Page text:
The helicopter then carried out an aerial survey of the land around the cabin and spotted two other buildings. Firefighters working on a nearby mountain slope also found another stash including the charred remains of canned food and ammunition. And all of these structures were on land owned by the Utah School and Institutional Trust Lands Administration – a public body.
Meanwhile, officers from the Iron County Sheriff’s Office had not been idle. They had actually identified a man who they thought may know something about these mysterious caches of food, armaments and ammunition. And when law enforcement confronted the individual at his home in Parowan, Utah, he seemed to be ready to talk.
Yet while the sheriff’s office remained tight-lipped about the identity of the man at the time, it did however relay what he had supposedly said through a press statement. “Officers responding to Parowan were able to locate the person of interest at his residence, and an interview was conducted,” the statement read.
And the suspect apparently did not hold back. He is said to have told the officers that the cabins and bunkers they’d found were indeed his handiwork – so too were the hand grenades. Furthermore, the man reportedly confessed, there were at least seven buildings hidden in the woods – most with stashes of guns, ammunition and food. He had devoted years of his life to this project, in fact.
Meanwhile, in a 2017 interview with the Associated Press, Lieutenant Del Schlosser from the Iron County Sherriff’s Office claimed that the suspect had spent 30 years building his network of well-supplied cabins and bunkers. “His only intent was to defend what he had there if the end of the world was to come,” the officer explained.
Supposedly, the man had feared that the end times may be around the corner at any moment. In order to survive a complete societal Armageddon, then, the survivalist had built four cabins as well as underground bunkers in the woods. He had hauled up the necessary materials bit by bit over the decades.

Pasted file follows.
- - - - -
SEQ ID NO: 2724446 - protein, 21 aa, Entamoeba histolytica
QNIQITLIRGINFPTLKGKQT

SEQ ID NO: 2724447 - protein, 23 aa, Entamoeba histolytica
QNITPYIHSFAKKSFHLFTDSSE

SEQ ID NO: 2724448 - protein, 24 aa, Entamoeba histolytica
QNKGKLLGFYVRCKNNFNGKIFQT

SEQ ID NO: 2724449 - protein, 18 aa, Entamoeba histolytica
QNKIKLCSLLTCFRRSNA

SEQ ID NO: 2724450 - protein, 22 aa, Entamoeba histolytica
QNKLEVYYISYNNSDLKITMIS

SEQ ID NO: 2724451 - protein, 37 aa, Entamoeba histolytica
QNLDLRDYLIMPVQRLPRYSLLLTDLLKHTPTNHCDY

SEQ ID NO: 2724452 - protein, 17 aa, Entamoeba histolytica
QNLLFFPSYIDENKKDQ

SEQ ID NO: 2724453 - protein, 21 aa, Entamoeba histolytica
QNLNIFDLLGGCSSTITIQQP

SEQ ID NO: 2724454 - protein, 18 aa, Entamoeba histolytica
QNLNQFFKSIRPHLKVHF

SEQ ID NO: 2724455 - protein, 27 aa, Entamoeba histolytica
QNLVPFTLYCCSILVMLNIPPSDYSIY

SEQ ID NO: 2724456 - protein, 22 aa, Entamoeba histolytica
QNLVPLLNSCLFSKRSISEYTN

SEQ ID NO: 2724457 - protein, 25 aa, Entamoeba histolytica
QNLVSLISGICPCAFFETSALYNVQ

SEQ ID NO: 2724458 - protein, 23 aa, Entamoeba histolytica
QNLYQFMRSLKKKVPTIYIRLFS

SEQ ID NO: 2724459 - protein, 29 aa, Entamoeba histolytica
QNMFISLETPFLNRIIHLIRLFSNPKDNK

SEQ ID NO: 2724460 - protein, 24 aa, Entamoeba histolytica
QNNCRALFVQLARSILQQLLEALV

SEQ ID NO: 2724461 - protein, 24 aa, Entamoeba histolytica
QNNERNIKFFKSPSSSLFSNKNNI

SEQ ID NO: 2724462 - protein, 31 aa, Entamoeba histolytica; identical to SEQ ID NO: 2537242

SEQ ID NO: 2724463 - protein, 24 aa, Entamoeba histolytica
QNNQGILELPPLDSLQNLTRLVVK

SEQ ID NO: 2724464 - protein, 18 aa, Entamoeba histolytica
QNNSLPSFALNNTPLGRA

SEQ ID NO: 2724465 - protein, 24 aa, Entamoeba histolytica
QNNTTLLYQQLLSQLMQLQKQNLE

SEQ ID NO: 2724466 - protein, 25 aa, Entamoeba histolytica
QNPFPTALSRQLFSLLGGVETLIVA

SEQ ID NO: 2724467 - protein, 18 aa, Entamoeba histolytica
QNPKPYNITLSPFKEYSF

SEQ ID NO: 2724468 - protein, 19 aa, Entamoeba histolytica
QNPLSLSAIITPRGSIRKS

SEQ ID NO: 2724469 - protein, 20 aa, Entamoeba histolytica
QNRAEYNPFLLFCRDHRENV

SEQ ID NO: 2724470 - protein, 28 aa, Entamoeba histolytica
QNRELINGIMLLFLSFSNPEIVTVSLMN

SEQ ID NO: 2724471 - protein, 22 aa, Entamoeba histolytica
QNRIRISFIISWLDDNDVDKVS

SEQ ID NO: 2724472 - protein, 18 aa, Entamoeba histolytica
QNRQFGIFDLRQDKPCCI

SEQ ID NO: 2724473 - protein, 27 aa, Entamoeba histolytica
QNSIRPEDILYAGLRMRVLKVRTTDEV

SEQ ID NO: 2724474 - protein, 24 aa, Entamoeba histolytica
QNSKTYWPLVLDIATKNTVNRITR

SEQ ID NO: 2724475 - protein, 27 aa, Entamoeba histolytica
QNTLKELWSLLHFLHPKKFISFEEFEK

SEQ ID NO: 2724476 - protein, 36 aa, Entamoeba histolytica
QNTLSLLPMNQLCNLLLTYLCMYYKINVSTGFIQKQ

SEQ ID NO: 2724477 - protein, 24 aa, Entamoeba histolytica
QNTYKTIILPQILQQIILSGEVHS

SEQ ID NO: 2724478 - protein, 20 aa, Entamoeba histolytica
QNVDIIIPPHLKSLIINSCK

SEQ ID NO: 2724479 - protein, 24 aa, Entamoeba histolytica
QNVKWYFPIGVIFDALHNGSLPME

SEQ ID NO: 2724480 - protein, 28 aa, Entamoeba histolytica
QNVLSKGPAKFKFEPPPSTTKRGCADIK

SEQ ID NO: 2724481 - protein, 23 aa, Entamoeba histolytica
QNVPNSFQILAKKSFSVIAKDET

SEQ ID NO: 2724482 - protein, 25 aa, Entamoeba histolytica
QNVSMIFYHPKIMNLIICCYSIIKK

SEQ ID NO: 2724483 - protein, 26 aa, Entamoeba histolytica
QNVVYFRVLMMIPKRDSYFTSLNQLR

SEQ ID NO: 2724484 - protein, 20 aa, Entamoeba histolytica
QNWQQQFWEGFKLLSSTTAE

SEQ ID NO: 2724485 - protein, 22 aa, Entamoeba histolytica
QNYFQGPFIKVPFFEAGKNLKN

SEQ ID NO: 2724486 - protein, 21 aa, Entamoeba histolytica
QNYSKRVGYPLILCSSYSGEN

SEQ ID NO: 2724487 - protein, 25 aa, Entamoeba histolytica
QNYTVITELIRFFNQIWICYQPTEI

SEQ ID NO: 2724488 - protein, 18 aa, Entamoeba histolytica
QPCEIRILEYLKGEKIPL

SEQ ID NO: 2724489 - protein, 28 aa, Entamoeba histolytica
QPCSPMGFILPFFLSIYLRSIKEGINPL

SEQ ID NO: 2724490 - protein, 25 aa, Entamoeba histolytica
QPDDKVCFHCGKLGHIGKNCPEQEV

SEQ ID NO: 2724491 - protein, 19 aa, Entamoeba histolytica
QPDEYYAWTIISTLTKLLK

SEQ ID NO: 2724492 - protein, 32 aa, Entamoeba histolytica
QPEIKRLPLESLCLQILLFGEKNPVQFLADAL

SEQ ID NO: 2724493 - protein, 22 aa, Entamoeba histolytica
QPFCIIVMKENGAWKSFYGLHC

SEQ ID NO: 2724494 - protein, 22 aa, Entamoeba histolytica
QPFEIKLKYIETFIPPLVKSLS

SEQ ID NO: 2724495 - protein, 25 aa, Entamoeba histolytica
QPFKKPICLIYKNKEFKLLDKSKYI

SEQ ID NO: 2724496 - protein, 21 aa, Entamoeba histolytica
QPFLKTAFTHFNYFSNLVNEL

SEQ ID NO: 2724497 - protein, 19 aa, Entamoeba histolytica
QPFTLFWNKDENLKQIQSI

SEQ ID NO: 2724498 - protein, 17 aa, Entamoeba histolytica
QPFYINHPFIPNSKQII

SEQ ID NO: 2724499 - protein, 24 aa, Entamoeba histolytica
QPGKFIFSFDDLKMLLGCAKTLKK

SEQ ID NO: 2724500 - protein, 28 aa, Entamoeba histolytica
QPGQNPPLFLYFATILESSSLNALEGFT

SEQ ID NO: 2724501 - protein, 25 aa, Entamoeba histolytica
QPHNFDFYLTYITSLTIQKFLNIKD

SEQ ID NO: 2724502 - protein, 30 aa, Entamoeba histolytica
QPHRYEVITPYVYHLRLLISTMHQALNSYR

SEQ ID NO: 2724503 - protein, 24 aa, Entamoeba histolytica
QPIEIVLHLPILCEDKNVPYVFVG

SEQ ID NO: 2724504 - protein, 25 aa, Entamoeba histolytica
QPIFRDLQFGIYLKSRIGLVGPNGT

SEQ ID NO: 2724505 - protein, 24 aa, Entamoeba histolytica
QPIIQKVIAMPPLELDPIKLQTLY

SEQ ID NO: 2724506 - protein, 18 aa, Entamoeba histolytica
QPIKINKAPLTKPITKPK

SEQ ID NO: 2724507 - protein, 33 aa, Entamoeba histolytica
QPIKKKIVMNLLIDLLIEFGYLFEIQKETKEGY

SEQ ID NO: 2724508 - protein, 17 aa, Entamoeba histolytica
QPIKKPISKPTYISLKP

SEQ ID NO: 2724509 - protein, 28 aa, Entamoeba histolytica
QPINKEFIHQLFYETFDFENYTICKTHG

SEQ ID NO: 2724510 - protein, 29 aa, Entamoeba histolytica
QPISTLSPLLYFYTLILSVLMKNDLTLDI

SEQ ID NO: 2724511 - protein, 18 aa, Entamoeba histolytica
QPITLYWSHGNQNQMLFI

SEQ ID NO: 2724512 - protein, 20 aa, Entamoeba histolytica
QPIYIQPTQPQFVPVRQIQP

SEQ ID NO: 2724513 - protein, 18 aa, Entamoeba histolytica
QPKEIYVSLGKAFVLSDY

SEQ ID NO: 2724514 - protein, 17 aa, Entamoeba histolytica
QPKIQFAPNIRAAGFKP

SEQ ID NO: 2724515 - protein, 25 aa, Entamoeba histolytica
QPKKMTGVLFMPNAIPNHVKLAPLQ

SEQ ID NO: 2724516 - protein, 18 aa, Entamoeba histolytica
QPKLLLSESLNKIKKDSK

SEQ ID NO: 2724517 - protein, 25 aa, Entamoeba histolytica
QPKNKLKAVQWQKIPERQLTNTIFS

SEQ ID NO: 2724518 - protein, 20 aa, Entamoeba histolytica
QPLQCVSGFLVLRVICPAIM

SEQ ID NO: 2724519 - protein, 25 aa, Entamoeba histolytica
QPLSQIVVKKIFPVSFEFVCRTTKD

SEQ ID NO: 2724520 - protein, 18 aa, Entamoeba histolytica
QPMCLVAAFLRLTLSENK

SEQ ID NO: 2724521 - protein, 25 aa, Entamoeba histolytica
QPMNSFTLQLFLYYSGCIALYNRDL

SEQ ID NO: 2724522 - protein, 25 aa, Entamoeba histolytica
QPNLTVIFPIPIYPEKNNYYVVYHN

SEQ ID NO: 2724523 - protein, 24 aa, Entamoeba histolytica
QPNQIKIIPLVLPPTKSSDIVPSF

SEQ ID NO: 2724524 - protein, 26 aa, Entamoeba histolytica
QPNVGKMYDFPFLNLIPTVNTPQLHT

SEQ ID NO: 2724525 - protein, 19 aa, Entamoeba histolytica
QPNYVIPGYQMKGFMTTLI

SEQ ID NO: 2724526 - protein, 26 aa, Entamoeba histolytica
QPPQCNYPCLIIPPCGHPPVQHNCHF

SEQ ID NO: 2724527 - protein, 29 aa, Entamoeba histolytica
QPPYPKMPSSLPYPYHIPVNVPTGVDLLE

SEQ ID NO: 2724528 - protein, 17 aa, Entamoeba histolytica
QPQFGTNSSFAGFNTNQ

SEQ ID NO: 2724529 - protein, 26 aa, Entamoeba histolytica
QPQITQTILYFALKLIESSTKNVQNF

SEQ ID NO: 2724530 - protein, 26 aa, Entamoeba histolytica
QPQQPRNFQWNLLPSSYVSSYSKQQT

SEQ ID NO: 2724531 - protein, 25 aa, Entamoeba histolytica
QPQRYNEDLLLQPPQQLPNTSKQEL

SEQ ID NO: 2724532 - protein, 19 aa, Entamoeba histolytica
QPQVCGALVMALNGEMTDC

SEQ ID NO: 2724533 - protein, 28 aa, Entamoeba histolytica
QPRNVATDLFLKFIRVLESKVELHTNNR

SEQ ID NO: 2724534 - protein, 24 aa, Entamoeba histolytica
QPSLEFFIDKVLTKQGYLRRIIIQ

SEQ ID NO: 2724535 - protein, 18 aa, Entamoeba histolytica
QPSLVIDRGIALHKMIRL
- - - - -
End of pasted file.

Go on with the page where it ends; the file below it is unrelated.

Schlosser also revealed that the man had constructed the network over an area some two miles across. “If you pack a few things in here and there, people don’t notice that,” he added to the Associated Press. There were more than a few items in one cabin, however, as it was discovered to have been kitted out with food and water, bunk beds, ammunition and even reading material.
Then in August 2018, more than a year after the Brian Head fire and the discovery of the cabins and bunkers, a sensational development was made in the case: the identity of the mystery man who had built the structures was revealed to the world. According to a report in the Deseret News, the individual’s name is Richard O. Batt, and he was 82 years old at the time of his unveiling in the newspaper.
Then, after having appeared at Iron County’s 5th District Court, Batt was formally charged with the third-degree felony of possession of incendiary device parts. He was slated for a further court appearance in September 2018 – the outcome of which is currently unknown.
So, it may turn out that this bizarre cache of weapons and supplies was the work of an 82-year-old survivalist. But should we be treating him as a dangerous criminal who put life and limb at risk? Or should we regard him as simply an eccentric old man whose peculiar obsession was unluckily exposed by the forest fires that ravaged Utah in 2017?